found a whole chapter in Larry Hodges' book "Table Tennis Tactics for Thinkers"
on playing choppers," Derek said. "I read it over in the back room. Everything worked!"
Only it was just the beginning of his banner tournament. In the semifinals he defeated
Lee Zhang Wook, a 2650 pips-out penholder visiting from China. "There's a section
about playing them in the Tactics book," Derek said, "and before the match I read it. I
played to the wide forehand, then came back to the backhand, like the book said, and it
really worked!" In the final, Derek played 2700+ Sammy Callaghan. "He's a bratty kid from
Ireland. But the Tactics book has an entire section on playing bratty kids!" Derek was able to
loop Sammy's serves, which had created havoc against other players. Most players had
found the serves almost unreturnable, but Derek had few problems. "There's a whole chapter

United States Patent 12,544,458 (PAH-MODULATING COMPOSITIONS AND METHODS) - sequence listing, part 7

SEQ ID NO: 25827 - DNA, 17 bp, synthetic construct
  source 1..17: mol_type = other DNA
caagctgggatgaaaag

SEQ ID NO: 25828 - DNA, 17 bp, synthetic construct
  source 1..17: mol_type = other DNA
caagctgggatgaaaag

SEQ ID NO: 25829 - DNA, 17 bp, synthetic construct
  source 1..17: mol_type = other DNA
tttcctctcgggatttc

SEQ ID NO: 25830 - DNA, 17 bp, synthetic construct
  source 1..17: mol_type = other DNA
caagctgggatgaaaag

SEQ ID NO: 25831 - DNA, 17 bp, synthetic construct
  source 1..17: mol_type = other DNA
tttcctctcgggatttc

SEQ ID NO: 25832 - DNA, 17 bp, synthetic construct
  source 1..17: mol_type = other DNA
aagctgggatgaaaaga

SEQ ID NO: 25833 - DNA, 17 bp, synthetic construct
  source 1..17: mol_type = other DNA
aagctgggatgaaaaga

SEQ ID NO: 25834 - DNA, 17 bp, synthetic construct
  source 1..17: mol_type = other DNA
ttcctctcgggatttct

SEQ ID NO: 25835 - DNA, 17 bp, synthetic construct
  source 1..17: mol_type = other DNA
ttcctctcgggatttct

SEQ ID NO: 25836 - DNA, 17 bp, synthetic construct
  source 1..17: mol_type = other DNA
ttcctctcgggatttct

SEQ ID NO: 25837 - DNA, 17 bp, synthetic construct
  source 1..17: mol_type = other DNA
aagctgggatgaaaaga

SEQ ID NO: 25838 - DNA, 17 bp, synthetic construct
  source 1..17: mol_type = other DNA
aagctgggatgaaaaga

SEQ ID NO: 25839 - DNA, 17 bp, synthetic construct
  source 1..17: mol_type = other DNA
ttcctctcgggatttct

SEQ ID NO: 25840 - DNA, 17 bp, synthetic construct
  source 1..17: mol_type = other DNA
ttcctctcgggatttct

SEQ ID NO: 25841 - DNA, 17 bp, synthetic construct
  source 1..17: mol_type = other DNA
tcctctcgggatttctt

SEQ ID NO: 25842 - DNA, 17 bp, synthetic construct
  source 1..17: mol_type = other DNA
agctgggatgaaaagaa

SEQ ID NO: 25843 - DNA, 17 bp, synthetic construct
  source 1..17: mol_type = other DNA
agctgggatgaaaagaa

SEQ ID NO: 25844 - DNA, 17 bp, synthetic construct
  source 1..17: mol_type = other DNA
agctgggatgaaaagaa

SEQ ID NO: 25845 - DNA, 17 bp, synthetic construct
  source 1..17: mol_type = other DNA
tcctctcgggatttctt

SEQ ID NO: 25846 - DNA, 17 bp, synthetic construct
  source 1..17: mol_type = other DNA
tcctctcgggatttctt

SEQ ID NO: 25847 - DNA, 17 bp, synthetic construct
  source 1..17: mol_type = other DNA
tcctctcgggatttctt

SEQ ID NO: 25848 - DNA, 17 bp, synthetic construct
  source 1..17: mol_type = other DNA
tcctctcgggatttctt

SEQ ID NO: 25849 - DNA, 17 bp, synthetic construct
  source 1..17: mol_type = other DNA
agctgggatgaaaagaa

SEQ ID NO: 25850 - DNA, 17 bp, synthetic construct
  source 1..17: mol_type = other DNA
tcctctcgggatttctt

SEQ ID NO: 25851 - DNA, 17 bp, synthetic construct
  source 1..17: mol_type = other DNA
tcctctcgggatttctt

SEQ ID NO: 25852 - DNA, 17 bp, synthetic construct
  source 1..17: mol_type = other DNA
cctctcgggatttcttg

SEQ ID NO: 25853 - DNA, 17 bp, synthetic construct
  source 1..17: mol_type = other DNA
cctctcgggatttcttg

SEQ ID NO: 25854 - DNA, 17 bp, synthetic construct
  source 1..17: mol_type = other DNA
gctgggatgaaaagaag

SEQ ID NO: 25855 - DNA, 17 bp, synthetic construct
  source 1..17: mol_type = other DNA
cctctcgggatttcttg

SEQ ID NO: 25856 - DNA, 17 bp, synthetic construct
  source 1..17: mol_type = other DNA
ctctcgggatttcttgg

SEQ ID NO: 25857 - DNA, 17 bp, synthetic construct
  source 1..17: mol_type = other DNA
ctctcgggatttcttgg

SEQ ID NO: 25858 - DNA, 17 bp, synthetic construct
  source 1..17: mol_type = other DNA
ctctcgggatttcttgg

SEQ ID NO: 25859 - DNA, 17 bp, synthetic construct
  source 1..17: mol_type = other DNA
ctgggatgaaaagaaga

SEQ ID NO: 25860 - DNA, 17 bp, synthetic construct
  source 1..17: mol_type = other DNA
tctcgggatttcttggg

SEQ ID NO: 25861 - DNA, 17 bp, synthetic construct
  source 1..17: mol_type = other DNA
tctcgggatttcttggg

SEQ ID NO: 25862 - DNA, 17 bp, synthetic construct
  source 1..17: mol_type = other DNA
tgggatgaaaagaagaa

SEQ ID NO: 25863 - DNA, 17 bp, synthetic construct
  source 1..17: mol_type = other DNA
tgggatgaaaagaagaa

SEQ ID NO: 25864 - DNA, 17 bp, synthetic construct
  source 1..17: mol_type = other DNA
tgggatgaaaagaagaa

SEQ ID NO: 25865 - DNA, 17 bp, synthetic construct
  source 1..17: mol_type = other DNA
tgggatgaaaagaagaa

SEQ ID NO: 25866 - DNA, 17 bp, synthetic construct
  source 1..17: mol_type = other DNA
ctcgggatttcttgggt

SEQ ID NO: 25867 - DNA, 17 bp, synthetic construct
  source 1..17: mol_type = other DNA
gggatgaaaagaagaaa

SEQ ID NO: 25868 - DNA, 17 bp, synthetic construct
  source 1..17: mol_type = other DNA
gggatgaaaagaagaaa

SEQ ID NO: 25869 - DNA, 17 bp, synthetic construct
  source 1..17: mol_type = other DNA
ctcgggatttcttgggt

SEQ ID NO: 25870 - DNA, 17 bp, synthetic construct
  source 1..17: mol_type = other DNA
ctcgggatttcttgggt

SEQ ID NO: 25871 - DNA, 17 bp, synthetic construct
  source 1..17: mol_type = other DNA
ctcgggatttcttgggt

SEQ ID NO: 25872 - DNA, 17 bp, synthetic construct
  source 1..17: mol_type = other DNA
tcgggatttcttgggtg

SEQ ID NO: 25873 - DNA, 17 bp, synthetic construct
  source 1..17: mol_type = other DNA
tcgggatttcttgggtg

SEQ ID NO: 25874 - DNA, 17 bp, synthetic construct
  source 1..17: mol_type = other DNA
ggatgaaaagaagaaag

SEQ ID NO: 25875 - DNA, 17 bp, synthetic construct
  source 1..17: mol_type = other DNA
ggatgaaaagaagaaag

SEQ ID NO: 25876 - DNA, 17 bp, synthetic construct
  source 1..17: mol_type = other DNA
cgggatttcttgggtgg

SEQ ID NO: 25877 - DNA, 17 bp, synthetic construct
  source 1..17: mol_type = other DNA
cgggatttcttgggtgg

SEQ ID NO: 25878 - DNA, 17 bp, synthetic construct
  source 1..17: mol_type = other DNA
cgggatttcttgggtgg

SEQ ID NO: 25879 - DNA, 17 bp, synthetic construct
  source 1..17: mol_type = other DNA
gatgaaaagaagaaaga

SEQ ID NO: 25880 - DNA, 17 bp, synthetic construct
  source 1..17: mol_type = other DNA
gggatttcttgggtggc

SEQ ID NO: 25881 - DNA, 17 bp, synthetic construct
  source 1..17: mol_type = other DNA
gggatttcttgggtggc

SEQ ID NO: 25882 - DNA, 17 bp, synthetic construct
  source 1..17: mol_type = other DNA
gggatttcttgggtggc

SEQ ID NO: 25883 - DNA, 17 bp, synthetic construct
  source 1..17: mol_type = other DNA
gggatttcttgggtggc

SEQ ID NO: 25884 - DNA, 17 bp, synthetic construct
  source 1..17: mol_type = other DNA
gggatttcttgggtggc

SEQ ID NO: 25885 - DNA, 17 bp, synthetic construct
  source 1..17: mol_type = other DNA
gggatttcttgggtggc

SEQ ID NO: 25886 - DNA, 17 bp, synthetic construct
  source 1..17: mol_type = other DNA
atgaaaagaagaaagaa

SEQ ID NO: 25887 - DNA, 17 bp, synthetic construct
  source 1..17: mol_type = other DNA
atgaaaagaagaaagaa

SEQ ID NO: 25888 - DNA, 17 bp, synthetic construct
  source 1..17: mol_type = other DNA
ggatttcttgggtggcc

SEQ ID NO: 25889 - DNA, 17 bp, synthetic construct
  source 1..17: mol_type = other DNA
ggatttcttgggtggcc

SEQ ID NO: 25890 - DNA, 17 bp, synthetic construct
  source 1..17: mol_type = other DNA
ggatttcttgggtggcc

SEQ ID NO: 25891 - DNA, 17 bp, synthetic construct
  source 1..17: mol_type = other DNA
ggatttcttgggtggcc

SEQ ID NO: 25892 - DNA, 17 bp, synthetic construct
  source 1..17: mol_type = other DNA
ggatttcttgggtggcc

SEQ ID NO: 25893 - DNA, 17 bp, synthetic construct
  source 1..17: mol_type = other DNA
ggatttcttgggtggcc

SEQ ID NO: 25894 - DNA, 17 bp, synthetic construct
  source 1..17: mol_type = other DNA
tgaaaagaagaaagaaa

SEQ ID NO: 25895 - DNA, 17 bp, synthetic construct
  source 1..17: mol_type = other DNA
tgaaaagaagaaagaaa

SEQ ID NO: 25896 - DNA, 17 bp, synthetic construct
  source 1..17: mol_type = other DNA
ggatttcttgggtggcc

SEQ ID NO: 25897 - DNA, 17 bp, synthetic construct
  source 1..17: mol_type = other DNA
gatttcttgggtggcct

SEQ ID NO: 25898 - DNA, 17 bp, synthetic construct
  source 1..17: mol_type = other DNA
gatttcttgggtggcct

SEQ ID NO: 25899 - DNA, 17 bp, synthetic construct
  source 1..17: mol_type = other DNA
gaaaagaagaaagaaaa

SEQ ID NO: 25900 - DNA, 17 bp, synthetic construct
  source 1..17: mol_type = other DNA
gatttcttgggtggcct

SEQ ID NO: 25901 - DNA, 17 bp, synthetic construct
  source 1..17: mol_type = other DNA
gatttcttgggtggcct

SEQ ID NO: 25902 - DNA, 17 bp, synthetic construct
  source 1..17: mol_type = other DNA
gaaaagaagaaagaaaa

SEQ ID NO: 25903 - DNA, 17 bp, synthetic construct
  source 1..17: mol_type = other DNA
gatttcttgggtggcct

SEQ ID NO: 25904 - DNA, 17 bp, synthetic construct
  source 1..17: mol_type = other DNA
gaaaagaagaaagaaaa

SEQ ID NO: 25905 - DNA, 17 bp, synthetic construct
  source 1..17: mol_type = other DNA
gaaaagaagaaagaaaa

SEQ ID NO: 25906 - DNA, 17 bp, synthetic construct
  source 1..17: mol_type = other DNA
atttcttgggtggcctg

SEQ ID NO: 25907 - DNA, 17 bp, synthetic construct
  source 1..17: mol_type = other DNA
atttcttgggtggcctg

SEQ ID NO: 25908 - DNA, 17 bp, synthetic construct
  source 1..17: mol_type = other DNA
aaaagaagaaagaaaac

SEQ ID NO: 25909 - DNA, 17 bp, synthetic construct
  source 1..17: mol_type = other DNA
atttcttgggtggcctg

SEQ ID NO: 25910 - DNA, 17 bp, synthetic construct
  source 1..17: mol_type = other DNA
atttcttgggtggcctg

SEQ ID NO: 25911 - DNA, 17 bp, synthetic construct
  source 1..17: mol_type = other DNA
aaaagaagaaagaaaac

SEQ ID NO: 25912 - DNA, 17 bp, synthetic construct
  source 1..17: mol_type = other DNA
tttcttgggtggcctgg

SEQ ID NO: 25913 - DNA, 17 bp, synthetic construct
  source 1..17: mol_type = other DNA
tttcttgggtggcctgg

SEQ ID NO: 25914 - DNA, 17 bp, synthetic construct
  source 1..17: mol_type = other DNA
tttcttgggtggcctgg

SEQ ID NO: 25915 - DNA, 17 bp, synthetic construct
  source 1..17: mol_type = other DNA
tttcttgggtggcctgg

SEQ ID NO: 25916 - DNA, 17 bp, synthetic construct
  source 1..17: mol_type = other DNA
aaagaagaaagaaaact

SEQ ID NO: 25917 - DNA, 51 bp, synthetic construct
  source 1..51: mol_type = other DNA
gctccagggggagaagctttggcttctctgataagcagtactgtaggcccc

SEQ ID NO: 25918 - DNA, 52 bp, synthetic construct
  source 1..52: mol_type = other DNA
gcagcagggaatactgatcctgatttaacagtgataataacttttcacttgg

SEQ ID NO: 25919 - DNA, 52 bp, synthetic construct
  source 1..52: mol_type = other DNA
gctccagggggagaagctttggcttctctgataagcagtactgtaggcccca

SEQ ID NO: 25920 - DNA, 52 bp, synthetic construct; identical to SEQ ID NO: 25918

on returning serves in the Tactics book," Derek said, "and I read it over before going
out to play him." Derek won the match in a seven-game battle, ending the match by
loop-killing Sammy's serve at 11-10 in the last game. Congrats to Champion Derek!

Fun, Focus, Forget

I've come up with Triple F as a mantra for players who are too nervous to play their best. Even in a serious match, you'll play your best if you are enjoying yourself rather than obsessing over winning or not losing. Staying focused is always key - and one of the best ways of doing that is to think tactically between points (so you have something to think about rather worrying about winning or losing), then blank the mind out when you are about to play the next point. And forgetting the situation will allow you to play better than if you are obsessing over how important the match is. So have Fun, stay Focused, and Forget the importance of the situation. (And now I'm off to a rare weekday morning coaching session out in Virginia, scheduled at the last minute.)

Table Tennis Tactics for Thinkers